# How to colorize particles by rules

I am having pipes where I have liquid go through it. I want to simulate/show the water and show some blue to red color animation. Blue for cold, red for heat/warmth.

For best control, it would be great to define some kind of color change areas on the path of the water simulation and when a water particle goes through this area, I want to change the color for this particle. The color needs to be kept, until the next color-change area is there and changes the color again.

So I could control and simulate a heat-transfer simulation.

Any ideas how to do this the best way?

Thank you guys!

EDIT: Here is a screenshot of the animation. You can see the position by Particial works in general. But I want to colorize the blue particles inside the 3 red circles to the color red and they should in their color. I somehow lost my fluid simulation data, so I can't share the .blend file. Sorry.

• If you can define any function f(xyz) that return the values in the field, you can do it in shader nodes.. Circles aren't volumes.. do you mean cylinders, or spheres? Sep 12, 2020 at 16:24
• @RobinBetts Hi Robin, do you have an example of those shader nodes? Yes, I mean cylinders. Was just to make things easier. Sep 13, 2020 at 15:39

You can shade an object in another object's space, so perhaps, rather than do all the math to figure out where your red-zone cylinders should be, it would be more user-friendly to make actual cylinders that control the colour of your particles.

I've called mine 'RedZone'. Their Object texture coordinates are used in the shader for the particles, to make a mask, as follows:

The XY lengths from the cylinder's centres, clamped, return a 0-1 mask inside them, and 1 outside. (The cylinders must have their scale applied at creation radius, 1) If you scale the Cylinders in Object Mode, the masks will follow. Combining the masks with a minimum, and putting them through an (inverting) colour ramp, lets you soften the masks. The combination controls the mix of colors.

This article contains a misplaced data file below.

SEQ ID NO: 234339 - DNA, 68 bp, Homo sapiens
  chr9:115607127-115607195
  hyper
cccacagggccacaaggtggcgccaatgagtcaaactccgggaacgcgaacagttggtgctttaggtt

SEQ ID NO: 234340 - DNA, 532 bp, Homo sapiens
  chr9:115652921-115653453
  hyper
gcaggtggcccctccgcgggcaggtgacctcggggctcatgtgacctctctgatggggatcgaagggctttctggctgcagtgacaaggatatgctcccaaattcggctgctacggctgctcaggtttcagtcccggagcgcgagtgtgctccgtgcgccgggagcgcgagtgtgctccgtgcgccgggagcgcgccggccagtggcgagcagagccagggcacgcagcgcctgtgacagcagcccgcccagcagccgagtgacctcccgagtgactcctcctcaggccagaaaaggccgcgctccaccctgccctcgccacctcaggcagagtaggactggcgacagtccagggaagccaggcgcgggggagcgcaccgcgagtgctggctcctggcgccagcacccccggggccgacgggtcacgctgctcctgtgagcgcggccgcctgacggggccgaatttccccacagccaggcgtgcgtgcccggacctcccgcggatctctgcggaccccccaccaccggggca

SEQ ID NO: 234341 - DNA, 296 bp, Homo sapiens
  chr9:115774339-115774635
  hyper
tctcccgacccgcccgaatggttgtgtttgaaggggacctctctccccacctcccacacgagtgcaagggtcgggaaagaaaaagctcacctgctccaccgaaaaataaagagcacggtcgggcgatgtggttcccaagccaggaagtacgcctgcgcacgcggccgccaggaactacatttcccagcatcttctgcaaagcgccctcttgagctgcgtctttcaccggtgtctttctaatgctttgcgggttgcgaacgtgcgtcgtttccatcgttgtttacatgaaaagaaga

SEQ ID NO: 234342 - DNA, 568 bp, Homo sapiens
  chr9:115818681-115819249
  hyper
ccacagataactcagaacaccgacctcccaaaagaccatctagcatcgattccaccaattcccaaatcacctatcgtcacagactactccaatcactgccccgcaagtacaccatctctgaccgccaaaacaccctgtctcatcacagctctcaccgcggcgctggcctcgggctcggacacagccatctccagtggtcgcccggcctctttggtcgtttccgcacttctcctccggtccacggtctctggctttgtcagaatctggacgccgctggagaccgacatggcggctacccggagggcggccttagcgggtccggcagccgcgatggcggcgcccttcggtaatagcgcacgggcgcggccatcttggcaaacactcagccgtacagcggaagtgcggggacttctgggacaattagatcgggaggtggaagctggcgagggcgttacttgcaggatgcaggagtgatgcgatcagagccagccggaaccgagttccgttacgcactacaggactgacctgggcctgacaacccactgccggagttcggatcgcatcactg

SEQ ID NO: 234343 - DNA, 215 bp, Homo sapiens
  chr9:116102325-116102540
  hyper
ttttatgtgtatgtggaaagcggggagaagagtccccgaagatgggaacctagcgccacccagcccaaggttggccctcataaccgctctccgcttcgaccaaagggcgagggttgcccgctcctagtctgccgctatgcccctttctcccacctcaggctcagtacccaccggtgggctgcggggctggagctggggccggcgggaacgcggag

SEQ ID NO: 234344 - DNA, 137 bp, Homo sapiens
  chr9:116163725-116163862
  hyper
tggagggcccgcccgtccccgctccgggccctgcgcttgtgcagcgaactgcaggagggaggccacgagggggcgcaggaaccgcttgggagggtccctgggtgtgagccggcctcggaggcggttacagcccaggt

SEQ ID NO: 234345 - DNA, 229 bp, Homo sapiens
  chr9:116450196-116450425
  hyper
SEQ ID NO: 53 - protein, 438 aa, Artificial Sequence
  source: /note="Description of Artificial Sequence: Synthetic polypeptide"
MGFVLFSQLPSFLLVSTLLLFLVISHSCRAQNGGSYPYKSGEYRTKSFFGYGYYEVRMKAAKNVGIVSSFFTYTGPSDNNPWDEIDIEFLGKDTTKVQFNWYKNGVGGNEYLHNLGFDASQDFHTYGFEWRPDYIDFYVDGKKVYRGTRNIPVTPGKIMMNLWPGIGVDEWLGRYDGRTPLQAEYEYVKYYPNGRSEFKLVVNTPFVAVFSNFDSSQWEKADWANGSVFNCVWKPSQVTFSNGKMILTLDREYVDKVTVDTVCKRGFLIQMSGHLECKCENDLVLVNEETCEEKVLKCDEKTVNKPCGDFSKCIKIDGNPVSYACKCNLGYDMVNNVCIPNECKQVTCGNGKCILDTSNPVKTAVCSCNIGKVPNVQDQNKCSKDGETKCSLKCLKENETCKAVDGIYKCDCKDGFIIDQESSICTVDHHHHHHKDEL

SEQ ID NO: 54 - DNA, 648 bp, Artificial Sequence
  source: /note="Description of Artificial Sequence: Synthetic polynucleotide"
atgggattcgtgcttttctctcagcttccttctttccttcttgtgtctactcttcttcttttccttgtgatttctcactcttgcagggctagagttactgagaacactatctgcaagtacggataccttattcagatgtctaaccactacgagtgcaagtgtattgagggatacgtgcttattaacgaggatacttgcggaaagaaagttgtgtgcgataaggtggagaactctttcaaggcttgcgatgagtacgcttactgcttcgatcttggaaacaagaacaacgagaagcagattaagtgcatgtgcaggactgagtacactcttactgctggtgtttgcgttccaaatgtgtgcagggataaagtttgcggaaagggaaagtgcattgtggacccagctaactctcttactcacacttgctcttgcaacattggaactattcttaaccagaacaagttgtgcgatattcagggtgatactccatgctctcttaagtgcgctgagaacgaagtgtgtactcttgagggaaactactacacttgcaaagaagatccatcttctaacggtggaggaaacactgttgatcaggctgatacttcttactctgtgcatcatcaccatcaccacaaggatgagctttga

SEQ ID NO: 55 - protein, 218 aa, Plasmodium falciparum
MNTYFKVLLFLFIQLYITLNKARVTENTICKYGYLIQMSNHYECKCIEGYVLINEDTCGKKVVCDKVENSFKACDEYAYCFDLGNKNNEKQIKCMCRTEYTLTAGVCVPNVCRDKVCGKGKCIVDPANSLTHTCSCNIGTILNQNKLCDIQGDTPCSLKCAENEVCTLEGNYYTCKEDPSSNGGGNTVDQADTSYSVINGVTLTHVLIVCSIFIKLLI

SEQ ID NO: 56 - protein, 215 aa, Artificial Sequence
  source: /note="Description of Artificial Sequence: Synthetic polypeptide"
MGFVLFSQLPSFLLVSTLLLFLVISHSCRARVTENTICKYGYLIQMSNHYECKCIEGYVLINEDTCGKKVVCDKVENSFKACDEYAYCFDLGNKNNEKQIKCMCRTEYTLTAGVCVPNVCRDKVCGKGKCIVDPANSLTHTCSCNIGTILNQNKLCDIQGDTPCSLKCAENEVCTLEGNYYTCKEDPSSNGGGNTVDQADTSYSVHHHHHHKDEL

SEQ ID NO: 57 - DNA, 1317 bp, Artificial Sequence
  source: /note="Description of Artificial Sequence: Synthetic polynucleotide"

You could add more cylinders and use more minimums to mix those in.

The .blend file is only good for the nodes, I haven't packed the particles.

• @Felix, I've taken you very literally.. If you need a less simple-minded answer, just ask. Sep 13, 2020 at 20:36
• Thanks for your very helpful answer! Is there a reason why you set the Z axis to 0? Also: "The cylinders must have their scale applied at creation radius". What does that mean? Am I free to just scale up, move, rotate those RedZones like I wish or do I have to look out for something? Thanks! Sep 13, 2020 at 22:41
• @Felix For the red patch to match the cylinder, with this set up, the radius of the cylinder must be 1, when the cylinder's scale is 1. That's all.. that's the way a cylinder is when you create it. Z is set to 0 because we're not interested in it.. it shouldn't make a contribution to the length. If we did include it, the red zones would be spherical, not infinitely-high cylindrical. If we need to cap the cylinders, the Z would be included later.. something like 'XY length < 1 AND abs(Z) < whatever'. Yes, you can move, scale, rotate the cylinders in Object mode. Sep 13, 2020 at 22:51
• Hey guys can make the cylinder that changes the particle colours hollow and will this still work ? I only want my particles to change colour on the outside of the cylinder and not the inside. May 29, 2023 at 11:28
• Hi, Casey, you should just be able to use the color-ramp to do that-- you may need to map the actual distances in your simulation down to 0-1 to fit into the ramp, using a Map Range node May 29, 2023 at 14:47

You can just use a Particle Info node and use it's Position output to control the color of the particles

• Hi, this work only partially. Because so I can only create a simple gradient effect from 1 source. I somehow need a way to use some kind of color force field the particles go through and then change color like I wish... Sep 12, 2020 at 12:08
• Yes, you can do it. To determine a color field you can use a 3D texture (like noise or a gradient) or math. If you want to do a heat-transfer simulation you probably have some math data/formula that say "in coordinates x,y and z the color is k", and to do that you just need the particle position. Sep 12, 2020 at 12:13
• @Felix Blendend Basically, share your .blend file or some pictures, so we know what you want Sep 12, 2020 at 12:14
• I updated the question above. Sep 12, 2020 at 22:08